• http://www.lifeongoldplates.com BHodges

    Manuel, perhaps one of the biggest points I’ve failed to effectively communicate to you here is my perspective on labels and labeling, which I don’t decry *as such,* though you seem to think that was my intent. It wasn’t my intent and it still isn’t. I really don’t understand the distinctions you attribute to me regarding “levels” and “members of the church,” etc. Labeling is something we all do. You seem to see it as a big “Mormon” thing, I see it as a big people thing and I hope to get people thinking about labeling in general by looking at this particular instance (“TBM”).

    You refer to my “fallacious” mitigation of points you raised in emails, but your comment here seems quite different from our exchange as I remember it. I wouldn’t have guessed that I had “appalled” you based on that exchange, I thought we had an interesting and fruitful discussion. If you’re interested in carrying on in that direction you have my email address.

  • Clark

    I think we need to think in terms of labels. However we should be careful to always remember people never fully fit our labels. I think we also have a responsibility to see how our labels affects others. Whether you agree with him about label use or not I think BHodges did a fantastic job pointing out the downside in how this particular affect some others. If we seek to be Christlike and love others then I think we have to live the higher law and worry about such matters even if others don’t. And even if people’s reactions might not be fully rational.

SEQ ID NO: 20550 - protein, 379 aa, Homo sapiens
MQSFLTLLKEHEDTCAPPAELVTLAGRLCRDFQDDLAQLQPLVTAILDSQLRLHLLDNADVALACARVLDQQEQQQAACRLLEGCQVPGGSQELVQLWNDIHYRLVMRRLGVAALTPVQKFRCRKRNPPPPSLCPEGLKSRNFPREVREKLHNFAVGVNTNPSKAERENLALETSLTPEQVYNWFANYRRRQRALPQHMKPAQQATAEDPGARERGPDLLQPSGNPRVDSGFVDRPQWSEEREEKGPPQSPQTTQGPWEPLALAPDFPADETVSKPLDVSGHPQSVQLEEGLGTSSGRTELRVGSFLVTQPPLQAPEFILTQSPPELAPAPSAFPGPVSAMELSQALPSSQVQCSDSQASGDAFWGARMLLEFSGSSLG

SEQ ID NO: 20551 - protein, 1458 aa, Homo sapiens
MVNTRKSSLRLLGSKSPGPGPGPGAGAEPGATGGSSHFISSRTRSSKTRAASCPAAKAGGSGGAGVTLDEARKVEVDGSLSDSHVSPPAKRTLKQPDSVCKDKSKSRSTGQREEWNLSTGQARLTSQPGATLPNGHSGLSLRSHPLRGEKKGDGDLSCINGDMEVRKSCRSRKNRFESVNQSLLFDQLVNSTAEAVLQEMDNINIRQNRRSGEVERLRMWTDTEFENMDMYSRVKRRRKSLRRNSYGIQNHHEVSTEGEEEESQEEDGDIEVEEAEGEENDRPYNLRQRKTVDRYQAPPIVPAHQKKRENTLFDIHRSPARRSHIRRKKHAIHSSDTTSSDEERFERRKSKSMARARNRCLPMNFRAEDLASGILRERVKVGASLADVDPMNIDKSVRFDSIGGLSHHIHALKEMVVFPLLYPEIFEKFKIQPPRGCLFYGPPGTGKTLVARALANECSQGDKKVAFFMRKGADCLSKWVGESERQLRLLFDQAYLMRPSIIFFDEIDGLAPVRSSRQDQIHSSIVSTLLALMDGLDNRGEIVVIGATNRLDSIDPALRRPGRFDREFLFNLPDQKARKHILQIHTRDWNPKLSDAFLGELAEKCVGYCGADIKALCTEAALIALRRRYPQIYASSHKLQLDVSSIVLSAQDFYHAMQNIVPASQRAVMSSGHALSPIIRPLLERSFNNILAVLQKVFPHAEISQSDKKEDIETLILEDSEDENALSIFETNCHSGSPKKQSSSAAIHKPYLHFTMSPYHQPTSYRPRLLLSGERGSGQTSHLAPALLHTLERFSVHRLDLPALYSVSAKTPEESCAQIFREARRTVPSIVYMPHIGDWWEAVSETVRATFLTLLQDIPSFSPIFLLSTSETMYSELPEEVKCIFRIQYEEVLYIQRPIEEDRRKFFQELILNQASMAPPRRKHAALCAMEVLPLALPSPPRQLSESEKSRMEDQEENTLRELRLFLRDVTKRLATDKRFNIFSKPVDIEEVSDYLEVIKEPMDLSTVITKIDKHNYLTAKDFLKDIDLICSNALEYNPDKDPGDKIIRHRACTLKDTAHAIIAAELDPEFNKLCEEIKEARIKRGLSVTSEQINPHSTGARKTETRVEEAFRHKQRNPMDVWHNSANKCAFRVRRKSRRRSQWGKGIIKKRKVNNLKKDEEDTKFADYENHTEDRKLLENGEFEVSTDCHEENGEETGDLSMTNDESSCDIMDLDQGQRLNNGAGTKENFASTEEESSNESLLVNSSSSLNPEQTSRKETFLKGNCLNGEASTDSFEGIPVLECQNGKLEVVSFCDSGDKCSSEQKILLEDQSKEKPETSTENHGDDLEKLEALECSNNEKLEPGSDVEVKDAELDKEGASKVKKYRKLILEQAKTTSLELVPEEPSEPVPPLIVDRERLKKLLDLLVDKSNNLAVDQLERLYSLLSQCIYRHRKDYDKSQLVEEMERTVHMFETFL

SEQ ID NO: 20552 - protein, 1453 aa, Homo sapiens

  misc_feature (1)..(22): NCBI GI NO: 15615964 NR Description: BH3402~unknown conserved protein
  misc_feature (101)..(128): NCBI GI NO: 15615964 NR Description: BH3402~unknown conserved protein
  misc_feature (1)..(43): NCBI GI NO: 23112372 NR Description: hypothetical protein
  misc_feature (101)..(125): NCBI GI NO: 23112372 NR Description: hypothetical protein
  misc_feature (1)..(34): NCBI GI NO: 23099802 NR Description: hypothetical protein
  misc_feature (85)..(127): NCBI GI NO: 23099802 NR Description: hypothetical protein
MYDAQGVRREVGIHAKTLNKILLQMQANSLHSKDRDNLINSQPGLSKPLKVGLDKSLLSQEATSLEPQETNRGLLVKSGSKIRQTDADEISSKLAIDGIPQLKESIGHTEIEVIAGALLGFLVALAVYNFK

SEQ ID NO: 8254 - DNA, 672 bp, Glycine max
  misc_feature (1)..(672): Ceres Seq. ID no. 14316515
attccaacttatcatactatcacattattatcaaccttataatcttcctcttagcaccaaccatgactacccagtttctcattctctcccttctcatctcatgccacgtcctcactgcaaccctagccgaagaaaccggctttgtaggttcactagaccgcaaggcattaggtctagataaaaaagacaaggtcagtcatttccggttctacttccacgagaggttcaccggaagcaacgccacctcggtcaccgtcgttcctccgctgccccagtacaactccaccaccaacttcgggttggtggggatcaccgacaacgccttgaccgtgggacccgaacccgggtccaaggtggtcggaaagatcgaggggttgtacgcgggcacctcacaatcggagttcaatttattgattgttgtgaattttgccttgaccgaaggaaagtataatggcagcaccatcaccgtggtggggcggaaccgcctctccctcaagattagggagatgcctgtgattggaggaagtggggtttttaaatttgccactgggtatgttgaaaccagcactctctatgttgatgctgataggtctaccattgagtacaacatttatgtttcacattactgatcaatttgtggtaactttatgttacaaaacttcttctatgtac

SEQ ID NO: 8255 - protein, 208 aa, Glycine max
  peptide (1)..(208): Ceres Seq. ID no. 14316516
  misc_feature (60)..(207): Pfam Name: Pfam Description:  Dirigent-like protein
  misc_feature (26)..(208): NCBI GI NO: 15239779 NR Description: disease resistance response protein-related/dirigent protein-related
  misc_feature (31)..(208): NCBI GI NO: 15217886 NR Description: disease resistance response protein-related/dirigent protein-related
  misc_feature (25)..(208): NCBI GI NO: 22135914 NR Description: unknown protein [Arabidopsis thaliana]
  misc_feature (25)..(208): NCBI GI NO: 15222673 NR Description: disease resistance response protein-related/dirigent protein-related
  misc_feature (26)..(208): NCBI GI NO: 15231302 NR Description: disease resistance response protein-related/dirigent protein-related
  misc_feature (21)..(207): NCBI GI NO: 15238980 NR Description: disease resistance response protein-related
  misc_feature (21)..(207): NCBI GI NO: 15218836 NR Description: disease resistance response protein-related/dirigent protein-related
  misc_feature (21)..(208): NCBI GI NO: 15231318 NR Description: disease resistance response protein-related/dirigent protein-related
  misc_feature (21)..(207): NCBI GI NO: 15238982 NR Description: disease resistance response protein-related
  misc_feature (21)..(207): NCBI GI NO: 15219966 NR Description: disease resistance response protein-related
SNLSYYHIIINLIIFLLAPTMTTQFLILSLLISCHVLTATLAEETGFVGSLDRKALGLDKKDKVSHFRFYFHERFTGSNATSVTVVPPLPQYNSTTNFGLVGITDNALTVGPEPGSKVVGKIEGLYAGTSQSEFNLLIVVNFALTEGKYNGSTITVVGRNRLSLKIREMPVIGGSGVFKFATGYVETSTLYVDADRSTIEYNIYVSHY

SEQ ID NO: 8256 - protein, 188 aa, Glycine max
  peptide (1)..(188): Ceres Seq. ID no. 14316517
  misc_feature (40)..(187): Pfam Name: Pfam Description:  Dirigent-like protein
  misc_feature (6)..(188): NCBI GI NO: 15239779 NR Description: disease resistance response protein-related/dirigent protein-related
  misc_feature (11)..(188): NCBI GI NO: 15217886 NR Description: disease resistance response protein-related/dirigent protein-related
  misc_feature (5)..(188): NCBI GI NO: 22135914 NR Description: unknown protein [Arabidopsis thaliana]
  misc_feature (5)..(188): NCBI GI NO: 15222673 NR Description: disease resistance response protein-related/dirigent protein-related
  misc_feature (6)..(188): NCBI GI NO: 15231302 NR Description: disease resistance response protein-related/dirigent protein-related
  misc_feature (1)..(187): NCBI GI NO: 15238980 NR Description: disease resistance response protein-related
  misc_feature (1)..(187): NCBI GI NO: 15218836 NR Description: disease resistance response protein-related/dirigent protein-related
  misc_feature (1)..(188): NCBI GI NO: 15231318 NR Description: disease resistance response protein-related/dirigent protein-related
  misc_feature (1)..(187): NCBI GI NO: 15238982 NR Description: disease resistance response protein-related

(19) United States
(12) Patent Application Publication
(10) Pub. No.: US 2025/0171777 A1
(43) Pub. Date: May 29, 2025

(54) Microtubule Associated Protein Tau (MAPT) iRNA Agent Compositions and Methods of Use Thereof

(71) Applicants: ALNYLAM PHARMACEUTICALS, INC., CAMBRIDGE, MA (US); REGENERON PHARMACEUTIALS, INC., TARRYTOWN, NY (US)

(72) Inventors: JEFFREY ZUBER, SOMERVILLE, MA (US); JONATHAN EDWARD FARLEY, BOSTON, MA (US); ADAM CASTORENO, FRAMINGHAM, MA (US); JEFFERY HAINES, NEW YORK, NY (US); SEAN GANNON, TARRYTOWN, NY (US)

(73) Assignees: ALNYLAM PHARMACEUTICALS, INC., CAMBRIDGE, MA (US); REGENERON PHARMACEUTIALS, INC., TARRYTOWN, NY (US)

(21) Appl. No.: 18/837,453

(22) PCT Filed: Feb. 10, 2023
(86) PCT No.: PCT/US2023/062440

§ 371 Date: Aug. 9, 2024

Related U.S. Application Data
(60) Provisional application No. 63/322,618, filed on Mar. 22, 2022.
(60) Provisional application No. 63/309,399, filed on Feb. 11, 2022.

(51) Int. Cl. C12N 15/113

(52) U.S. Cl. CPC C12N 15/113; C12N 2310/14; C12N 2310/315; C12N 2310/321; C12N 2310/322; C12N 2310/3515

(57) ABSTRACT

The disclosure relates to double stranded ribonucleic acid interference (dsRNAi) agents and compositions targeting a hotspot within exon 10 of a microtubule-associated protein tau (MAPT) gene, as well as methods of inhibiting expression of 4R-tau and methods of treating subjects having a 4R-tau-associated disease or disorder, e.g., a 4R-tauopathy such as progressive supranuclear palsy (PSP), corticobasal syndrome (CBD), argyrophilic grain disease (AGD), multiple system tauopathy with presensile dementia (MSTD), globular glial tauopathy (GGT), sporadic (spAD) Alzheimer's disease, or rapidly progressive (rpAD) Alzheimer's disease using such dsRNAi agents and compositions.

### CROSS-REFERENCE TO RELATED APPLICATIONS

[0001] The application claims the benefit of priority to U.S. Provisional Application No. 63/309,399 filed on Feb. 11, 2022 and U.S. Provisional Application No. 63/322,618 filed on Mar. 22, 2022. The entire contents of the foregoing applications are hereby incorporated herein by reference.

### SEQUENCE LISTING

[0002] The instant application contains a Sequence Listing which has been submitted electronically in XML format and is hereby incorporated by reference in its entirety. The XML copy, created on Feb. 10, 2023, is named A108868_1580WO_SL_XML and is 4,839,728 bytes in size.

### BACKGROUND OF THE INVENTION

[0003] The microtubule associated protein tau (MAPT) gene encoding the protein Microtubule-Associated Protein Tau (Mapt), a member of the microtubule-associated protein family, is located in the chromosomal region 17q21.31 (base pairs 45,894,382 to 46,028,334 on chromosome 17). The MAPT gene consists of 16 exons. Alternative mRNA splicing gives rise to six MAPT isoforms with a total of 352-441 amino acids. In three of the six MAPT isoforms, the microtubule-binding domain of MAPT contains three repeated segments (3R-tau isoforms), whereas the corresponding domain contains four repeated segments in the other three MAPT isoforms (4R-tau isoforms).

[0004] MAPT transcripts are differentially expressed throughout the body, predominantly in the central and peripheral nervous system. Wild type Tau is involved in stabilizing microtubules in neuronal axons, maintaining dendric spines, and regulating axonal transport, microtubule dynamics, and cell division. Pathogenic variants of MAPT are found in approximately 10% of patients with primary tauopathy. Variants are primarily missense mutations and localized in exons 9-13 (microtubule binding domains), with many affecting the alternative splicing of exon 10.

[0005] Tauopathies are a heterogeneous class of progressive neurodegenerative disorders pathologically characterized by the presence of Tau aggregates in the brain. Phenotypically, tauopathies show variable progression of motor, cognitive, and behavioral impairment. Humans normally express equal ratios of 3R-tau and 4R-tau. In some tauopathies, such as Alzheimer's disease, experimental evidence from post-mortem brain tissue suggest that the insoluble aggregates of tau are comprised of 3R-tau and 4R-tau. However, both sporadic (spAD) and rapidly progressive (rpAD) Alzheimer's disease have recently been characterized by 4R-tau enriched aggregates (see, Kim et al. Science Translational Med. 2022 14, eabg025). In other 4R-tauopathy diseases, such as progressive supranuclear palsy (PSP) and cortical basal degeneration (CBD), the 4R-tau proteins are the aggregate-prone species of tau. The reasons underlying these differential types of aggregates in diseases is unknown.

• http://www.lifeongoldplates.com BHodges

    Clark, you’ve given me some confidence that my intentions are discernible in the post, thanks!

  • ExMoHoMoDon

    If in fact the main point of the post is what is Clark describes in #90, I can get on board with that. I am constantly labeled as someone who lives ‘the homosexual lifestyle’. I still will take anyone out to dinner at Zuni in San Francisco (a great place) who can give me a cogent meaningful explanation of what that means, especially when it is employed by those who have not a clue how I live. I am not interested in nor do I care if anyone in the Mormon Church loves me–I will just be happy to have someone finally explain to me what is meant by everyone from GA’s to blogosphere participants using the term ‘homosexual lifestyle.’

    I do mean that about the dinner–although you might be in spiritual danger since Zuni is in San Francisco not too far from the Castro.

  • ExMoHoMoDon